Marvin, did you ever get into Yes from the early to mid 70's?

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Iain Harvey from Del Amitri. Saw them live and his playing remided me a lot of Wally's style.

Eric Faulkner from the Bay City Rollers. Awesome guitar player with exceptionally good melodic playing. Non-conventional. Eric also plays viola, violin, mandolin and uke. Check out his later works in late 70's and early 80's.

Bahoo :p

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Put Wally in that group of 'not-well-known' great guitar players. The list is endless. I've got my list, who's on yours?

MARVIN

I scoured all the posts for this one and it's amazing that no one mentioned the most obvious stand-out... and this proves how "not well-known" he is...

Ross The boss from The Dictators... of whom i posted on some other chat about before-- He is absolutley the greatest hard rock lead guitarist I've ever seen. His ability is in the league of the masters (speed) but his style (with The Dictators, not Man-O-War) was fused with classic punk attitude. He comes across like Johnny Thunders with Eddie Van Halen's chops.

Live he's a monster, and mix that with the greatest rhythmn guitarist, Scott (Top 10) Kempner and it's the most incredible hard rock guitar attack ever. At times it's reminiscent to Thin Lizzy or Kiss, but with more intensity...

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How about,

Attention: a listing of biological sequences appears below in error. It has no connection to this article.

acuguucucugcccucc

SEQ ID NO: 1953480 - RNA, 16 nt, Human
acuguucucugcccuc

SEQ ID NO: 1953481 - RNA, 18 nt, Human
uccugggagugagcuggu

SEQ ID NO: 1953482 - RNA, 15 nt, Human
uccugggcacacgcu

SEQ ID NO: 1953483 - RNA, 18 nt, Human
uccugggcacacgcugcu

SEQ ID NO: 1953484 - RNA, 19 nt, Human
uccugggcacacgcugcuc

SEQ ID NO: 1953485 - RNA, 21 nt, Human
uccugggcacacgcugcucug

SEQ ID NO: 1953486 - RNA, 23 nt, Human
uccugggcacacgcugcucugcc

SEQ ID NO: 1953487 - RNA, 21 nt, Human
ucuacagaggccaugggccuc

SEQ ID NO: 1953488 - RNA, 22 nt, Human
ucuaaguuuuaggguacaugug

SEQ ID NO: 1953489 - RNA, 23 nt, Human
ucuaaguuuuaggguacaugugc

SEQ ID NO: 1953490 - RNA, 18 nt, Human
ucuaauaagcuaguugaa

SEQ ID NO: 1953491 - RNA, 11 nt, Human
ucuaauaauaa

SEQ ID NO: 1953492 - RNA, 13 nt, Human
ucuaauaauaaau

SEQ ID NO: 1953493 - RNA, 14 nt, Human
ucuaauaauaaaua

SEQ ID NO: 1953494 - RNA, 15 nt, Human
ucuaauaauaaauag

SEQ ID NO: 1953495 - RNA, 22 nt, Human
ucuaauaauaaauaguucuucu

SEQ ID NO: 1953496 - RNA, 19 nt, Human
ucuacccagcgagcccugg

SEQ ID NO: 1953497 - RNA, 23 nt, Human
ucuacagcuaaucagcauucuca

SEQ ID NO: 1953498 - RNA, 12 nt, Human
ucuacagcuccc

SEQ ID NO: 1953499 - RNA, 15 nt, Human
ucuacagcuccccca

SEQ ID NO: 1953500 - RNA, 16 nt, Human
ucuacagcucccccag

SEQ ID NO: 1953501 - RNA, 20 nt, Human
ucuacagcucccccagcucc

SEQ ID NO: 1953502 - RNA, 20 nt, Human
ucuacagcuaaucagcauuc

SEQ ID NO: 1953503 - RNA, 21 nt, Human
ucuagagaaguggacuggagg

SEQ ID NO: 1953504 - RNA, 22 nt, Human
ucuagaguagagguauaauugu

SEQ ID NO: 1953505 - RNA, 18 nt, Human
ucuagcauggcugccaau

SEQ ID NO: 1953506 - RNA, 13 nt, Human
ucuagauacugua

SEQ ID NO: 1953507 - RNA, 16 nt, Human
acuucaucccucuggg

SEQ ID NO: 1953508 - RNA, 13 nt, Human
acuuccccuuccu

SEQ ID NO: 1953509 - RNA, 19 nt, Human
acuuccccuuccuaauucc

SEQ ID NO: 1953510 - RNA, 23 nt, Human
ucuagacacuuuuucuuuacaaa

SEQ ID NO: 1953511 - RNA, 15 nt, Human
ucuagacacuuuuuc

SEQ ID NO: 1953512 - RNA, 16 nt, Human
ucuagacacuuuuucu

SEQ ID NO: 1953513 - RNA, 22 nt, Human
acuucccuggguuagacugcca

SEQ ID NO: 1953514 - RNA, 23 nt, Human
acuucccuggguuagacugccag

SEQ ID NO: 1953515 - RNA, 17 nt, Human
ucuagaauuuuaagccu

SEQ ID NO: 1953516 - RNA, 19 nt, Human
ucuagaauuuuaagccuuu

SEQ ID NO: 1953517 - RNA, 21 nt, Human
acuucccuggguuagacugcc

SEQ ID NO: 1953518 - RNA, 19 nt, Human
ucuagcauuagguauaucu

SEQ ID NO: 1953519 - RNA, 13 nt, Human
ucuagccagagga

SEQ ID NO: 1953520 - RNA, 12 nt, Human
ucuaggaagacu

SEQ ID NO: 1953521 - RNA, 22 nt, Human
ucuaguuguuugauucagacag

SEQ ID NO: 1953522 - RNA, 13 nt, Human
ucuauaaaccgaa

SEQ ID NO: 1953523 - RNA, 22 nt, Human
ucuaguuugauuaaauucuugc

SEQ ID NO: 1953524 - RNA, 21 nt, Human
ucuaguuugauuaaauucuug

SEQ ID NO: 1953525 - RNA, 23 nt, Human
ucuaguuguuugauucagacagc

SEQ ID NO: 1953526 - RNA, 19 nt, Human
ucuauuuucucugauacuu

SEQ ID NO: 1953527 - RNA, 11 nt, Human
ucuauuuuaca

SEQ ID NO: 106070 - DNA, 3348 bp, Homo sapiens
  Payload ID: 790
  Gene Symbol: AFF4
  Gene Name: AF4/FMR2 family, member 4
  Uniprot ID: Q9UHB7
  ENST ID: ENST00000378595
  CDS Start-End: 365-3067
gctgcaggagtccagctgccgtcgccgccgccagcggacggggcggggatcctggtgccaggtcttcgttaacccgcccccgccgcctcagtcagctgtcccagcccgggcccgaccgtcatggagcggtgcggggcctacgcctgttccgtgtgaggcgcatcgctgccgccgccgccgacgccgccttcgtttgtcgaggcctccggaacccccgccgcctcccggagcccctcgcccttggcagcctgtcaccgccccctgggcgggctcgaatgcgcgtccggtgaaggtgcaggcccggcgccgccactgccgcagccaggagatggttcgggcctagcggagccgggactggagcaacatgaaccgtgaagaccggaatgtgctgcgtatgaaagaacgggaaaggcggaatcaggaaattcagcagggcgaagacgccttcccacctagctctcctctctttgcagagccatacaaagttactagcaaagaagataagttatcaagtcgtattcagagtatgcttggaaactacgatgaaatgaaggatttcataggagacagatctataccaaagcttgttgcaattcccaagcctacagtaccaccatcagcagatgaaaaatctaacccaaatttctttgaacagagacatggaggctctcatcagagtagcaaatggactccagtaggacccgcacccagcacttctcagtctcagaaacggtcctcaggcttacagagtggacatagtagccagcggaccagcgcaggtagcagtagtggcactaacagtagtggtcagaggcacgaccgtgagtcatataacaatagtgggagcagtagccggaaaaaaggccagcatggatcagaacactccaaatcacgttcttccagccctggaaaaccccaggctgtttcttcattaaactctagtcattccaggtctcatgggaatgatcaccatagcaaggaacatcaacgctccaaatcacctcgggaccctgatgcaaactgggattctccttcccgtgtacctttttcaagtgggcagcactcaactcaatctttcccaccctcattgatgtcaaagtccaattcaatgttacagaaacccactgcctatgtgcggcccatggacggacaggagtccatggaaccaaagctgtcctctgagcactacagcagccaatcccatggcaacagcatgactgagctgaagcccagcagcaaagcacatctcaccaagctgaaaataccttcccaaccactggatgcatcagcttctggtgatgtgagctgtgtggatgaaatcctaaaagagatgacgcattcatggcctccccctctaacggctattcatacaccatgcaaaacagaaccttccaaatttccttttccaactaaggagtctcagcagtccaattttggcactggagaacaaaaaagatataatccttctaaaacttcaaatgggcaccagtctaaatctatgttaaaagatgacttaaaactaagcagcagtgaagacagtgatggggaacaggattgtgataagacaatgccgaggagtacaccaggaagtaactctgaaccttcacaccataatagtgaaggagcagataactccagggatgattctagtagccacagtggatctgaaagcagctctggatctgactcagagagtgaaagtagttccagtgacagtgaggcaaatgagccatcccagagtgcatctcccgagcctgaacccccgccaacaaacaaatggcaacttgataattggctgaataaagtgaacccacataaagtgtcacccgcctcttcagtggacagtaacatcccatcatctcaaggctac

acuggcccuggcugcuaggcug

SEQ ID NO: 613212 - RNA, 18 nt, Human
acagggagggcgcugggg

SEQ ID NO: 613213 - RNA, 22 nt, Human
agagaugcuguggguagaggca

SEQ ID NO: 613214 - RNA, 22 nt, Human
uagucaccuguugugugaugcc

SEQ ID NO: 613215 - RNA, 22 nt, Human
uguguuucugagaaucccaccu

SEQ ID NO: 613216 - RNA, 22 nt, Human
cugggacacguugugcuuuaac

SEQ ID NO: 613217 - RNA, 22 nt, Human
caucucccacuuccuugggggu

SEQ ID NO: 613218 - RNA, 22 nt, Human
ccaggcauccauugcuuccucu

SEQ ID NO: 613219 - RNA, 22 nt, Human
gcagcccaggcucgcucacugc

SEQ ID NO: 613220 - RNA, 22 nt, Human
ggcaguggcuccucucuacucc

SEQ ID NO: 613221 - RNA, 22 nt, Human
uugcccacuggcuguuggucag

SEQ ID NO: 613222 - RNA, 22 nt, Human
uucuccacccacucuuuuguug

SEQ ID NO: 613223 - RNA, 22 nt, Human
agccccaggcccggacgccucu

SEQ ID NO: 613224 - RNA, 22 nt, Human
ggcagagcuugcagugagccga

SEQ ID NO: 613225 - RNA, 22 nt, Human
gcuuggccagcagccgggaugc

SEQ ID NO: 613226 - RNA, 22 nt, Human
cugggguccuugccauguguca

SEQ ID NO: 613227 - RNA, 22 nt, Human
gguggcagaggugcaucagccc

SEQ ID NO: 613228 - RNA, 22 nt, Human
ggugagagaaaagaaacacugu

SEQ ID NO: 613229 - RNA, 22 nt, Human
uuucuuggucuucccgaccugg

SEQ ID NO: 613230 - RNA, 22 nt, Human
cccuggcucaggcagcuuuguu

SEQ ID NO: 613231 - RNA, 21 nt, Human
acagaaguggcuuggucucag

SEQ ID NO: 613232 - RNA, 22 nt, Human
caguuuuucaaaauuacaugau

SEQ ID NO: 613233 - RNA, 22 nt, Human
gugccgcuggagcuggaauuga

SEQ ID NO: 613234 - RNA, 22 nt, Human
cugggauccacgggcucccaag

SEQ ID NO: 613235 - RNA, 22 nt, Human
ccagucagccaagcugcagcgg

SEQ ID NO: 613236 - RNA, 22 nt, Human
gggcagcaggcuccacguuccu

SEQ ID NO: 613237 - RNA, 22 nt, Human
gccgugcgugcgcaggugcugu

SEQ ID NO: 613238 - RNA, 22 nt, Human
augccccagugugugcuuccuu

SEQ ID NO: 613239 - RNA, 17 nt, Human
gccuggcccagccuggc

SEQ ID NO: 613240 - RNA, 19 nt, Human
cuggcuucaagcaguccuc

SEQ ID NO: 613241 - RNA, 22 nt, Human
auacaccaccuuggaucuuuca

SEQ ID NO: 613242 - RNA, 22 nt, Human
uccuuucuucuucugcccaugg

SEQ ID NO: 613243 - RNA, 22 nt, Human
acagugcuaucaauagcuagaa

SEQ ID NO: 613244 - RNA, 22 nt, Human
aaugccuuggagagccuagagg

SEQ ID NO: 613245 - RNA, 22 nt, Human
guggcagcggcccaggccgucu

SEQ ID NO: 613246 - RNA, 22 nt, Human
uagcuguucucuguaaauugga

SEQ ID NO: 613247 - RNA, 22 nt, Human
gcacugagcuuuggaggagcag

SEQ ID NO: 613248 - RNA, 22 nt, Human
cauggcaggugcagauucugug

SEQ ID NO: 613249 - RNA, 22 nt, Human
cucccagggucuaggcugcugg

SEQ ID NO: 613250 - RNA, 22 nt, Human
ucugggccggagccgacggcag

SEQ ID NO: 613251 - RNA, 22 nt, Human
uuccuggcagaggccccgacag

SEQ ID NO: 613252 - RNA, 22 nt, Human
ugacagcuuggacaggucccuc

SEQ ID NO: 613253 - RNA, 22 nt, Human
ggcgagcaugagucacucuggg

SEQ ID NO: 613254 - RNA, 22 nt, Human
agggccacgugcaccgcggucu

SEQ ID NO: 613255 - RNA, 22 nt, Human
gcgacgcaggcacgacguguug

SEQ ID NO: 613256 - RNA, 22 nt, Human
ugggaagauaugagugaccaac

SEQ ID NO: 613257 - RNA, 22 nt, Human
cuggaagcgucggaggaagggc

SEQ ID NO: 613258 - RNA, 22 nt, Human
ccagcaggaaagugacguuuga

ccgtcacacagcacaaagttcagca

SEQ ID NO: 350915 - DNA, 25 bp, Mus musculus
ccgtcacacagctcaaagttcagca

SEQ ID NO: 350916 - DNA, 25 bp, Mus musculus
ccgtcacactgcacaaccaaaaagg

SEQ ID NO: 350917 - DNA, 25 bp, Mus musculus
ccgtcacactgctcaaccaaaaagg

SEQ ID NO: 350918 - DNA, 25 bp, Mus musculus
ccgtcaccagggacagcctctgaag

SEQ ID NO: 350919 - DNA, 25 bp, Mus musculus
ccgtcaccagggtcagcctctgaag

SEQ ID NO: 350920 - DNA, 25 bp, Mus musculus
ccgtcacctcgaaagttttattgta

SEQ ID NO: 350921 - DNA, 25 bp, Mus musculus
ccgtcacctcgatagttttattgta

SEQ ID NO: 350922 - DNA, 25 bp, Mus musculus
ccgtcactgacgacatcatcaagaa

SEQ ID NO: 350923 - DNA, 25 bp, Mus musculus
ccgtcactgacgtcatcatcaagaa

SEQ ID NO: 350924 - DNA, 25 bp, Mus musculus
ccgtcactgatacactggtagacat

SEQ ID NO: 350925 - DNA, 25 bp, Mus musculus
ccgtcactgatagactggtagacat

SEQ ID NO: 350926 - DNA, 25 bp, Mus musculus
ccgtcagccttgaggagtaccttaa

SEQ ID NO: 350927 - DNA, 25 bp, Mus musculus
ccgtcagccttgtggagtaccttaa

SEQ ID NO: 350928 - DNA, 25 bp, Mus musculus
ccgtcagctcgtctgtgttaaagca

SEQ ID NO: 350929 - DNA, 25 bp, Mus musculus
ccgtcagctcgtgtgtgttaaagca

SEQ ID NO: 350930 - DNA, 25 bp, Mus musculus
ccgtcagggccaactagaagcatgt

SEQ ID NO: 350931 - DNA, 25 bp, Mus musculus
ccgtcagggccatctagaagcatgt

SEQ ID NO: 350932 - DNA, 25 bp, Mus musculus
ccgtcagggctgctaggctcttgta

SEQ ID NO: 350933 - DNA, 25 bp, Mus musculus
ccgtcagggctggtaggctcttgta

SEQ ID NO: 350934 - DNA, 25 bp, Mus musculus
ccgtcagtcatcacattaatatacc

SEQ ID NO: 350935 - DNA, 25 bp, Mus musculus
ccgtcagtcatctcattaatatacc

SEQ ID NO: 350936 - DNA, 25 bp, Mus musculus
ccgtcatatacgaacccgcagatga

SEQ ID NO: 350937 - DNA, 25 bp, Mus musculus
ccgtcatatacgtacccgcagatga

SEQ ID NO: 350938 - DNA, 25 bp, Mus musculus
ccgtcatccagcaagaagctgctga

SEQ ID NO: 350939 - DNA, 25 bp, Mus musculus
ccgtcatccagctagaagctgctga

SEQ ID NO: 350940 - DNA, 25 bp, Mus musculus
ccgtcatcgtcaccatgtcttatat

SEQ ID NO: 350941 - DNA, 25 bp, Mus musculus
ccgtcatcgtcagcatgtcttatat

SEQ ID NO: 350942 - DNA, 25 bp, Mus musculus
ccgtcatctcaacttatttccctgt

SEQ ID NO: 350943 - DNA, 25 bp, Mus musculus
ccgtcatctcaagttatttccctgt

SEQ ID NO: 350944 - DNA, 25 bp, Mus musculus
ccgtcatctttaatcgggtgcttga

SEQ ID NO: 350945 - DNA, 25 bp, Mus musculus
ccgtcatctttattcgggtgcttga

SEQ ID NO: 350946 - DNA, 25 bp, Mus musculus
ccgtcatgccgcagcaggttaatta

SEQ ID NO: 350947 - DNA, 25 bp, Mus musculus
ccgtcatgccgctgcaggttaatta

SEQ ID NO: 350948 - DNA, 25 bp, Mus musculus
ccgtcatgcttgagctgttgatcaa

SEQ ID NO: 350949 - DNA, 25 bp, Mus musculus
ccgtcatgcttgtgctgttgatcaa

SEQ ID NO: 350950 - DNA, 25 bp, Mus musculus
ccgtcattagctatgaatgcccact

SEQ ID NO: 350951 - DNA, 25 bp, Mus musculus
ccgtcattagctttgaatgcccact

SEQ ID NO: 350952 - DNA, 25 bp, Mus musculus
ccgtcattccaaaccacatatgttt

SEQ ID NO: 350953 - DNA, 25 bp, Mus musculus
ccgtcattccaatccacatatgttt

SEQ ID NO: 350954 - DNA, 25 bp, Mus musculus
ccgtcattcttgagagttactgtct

Davey Johnstone (Elton John's longtime guitartist)

Berton Averre The Knacks lead guitarist, saw him play from about 3 feet away from me, I was in the front row, and he just knocked me out!)

Waddy Wachtel (huge session guitarist, has played for Ronstadt,James Taylor,Warren Zevon,Keith Richards. although I haven't heard much about him in the last few years)

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Go easy on me, I just discovered this thread, and breezed through it. For me, Great "not well known guitarist", one comes immediately to mind that I just love, Brian Setzer.

Originally from the Stray Cats, and of course now with the BSO. Saw him here in Seattle with the cats a few years ago, and recently around Christmas with the BSO. Both times at the stage, .. in..f'in..incredible. I tell people I went home and threw my guitar out the window. I was in disbelief what he can do, and he's pretty handy writing a melody or horn charts.

Most folks around here don't recognize the name, just like EC, I have to mention the big top 40 hit, to begin the "Oh yeah" conversation.

BTW, saw Rick Springfield a couple of times at some really small, now defunct Seattle bars, and he's the real deal on guitar too. Billy K, remember the Backstage in Seattle? Beleive it or not, I saw David Cassidy there in the mid-90's when he was down, and he's a very competent rockin' guitarist too.

Seattle Steve

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Well possibly most people would not know Davey Johnstone or Waddy Wachtel or Brian Setzer, but I consider them to be pretty well-known and all fabulous guitarists. Although Rick S is well-known, he is very under-appreciated and unknown as a guitarist. How recognizable is Davey? I met him twice in ToysRUs in NYC.

Marvin